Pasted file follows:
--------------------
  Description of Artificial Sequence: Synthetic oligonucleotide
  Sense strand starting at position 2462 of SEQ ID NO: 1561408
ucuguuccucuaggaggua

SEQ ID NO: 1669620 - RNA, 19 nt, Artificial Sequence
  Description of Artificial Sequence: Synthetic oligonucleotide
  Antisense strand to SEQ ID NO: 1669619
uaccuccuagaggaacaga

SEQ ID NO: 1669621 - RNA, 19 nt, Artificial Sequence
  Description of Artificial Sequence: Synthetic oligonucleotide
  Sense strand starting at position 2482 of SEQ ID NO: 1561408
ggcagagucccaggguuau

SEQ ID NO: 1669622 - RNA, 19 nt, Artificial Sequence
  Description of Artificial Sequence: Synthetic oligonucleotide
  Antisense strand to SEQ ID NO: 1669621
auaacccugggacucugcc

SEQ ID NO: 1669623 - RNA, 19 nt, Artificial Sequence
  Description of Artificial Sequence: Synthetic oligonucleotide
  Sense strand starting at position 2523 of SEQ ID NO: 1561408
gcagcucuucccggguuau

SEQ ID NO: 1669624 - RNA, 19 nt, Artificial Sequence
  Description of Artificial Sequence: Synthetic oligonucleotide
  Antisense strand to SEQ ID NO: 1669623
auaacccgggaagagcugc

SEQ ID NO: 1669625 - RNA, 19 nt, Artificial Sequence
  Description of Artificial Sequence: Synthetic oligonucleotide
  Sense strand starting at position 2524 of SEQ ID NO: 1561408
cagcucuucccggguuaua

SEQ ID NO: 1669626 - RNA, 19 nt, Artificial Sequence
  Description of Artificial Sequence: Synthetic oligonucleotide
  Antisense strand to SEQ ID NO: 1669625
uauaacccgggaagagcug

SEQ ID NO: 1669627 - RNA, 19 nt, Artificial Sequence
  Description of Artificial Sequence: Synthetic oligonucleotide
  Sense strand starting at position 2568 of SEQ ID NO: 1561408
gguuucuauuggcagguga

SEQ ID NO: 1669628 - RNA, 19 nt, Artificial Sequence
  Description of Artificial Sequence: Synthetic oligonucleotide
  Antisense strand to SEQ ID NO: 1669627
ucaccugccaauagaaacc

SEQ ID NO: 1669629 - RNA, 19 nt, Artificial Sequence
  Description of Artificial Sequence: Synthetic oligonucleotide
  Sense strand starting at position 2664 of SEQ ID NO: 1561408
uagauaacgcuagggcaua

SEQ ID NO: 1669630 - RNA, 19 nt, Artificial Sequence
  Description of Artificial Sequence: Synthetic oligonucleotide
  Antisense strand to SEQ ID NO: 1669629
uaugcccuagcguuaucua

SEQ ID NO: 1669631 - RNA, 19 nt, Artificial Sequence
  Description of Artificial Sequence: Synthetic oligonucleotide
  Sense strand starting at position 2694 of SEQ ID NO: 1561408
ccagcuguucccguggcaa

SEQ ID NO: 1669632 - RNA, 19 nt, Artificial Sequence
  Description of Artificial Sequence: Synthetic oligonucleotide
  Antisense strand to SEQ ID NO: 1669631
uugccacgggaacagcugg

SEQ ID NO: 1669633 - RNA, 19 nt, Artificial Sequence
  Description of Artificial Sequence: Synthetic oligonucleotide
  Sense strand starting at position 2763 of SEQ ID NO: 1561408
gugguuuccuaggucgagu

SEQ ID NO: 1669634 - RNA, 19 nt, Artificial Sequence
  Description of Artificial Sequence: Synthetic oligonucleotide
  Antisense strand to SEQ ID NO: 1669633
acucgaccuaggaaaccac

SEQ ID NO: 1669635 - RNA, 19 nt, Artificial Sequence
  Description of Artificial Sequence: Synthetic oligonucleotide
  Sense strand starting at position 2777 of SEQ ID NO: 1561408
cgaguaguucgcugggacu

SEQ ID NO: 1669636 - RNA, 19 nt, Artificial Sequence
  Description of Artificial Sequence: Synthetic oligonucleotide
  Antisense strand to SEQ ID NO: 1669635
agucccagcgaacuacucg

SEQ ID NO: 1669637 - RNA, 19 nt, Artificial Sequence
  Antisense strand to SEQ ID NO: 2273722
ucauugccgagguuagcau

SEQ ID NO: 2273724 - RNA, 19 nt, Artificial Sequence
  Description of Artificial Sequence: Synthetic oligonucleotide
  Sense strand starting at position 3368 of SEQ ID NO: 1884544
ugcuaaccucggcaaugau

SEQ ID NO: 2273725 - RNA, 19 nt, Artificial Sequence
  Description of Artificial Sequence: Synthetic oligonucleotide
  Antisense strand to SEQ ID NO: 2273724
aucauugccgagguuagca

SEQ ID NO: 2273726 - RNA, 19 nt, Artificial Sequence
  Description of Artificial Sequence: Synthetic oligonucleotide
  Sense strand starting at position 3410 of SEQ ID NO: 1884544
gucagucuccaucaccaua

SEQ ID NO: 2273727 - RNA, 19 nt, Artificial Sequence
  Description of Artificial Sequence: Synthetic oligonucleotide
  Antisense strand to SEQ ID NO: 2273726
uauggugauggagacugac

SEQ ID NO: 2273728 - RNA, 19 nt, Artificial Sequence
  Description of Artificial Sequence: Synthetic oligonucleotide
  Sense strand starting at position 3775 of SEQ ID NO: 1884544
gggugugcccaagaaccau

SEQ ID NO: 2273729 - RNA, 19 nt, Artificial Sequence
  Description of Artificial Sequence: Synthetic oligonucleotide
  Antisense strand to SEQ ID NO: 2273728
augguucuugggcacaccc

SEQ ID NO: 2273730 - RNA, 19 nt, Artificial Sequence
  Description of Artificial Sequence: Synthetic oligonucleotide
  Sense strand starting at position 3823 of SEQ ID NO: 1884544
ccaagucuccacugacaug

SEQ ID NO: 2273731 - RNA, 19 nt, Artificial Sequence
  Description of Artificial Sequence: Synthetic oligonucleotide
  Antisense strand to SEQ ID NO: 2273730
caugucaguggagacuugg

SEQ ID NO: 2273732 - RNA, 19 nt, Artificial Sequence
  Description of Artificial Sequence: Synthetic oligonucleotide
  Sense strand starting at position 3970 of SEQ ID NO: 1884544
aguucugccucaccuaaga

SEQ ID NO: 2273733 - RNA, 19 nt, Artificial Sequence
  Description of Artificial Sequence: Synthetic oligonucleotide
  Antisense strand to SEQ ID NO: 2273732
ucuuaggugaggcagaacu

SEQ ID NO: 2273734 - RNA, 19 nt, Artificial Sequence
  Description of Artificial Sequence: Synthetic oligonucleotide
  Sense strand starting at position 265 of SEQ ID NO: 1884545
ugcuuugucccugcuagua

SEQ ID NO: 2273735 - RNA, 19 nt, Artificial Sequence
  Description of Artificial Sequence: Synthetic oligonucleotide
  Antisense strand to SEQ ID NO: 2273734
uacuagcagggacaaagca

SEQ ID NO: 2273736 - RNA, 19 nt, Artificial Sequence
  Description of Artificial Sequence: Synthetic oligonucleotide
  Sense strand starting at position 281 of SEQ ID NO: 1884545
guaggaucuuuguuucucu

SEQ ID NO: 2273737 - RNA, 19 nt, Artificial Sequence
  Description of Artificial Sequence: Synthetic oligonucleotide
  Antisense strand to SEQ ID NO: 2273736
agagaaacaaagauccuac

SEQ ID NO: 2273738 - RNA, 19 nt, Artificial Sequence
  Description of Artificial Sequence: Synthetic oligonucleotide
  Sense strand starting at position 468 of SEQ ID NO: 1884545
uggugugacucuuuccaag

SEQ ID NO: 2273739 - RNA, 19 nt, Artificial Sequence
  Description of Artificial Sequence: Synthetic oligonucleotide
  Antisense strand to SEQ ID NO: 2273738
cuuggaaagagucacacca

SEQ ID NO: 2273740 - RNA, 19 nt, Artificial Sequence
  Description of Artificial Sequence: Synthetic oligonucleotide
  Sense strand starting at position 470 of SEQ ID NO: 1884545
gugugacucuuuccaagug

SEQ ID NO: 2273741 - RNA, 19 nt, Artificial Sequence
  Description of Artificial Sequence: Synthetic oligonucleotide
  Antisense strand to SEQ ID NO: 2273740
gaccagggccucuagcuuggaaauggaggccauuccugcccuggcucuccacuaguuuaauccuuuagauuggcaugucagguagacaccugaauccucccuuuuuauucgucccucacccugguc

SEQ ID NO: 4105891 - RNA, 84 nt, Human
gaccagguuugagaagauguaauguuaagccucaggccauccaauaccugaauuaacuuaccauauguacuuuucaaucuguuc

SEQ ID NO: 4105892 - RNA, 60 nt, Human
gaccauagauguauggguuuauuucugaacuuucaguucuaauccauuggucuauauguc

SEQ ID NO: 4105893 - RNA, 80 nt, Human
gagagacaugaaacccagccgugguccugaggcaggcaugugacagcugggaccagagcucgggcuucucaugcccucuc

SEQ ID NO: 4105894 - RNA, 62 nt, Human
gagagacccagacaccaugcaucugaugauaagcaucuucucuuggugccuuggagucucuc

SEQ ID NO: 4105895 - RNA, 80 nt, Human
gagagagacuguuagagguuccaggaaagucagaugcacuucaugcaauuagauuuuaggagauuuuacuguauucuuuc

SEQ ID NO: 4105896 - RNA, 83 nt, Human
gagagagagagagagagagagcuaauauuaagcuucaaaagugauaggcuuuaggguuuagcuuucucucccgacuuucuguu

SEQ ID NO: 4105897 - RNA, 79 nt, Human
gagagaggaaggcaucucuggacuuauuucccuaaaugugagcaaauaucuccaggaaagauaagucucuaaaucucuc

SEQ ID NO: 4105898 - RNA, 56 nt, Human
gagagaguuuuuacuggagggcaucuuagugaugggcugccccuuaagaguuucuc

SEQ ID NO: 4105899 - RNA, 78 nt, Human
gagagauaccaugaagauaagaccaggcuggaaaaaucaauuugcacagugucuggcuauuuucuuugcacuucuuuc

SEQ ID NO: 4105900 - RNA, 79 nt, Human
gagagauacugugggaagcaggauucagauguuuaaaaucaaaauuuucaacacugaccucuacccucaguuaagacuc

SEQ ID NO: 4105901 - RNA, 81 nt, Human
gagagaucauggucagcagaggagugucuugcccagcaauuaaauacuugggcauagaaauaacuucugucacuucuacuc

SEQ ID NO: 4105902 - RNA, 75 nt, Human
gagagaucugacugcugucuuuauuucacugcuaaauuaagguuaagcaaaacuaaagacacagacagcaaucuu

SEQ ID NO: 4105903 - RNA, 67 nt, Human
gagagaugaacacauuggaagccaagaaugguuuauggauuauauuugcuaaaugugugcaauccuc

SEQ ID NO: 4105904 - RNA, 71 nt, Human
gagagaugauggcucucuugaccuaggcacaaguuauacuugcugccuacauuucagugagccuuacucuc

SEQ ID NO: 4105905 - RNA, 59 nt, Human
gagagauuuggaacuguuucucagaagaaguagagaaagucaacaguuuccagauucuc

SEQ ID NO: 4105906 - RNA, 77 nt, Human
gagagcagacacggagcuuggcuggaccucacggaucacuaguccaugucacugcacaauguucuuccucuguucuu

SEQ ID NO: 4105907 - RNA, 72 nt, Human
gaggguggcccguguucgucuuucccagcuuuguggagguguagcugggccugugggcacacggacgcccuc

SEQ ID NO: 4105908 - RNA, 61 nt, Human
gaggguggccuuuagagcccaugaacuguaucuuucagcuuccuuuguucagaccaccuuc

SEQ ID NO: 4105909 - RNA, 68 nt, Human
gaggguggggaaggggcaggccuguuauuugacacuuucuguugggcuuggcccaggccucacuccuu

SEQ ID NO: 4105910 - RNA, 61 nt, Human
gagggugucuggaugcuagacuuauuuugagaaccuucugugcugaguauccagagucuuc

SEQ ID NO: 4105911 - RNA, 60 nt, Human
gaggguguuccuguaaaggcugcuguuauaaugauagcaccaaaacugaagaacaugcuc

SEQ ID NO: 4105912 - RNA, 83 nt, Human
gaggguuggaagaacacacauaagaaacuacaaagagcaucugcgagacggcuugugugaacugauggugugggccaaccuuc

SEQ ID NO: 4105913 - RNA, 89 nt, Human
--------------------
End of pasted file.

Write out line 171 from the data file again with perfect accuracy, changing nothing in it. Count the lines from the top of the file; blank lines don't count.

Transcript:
SEQ ID NO: 4105903 - RNA, 67 nt, Human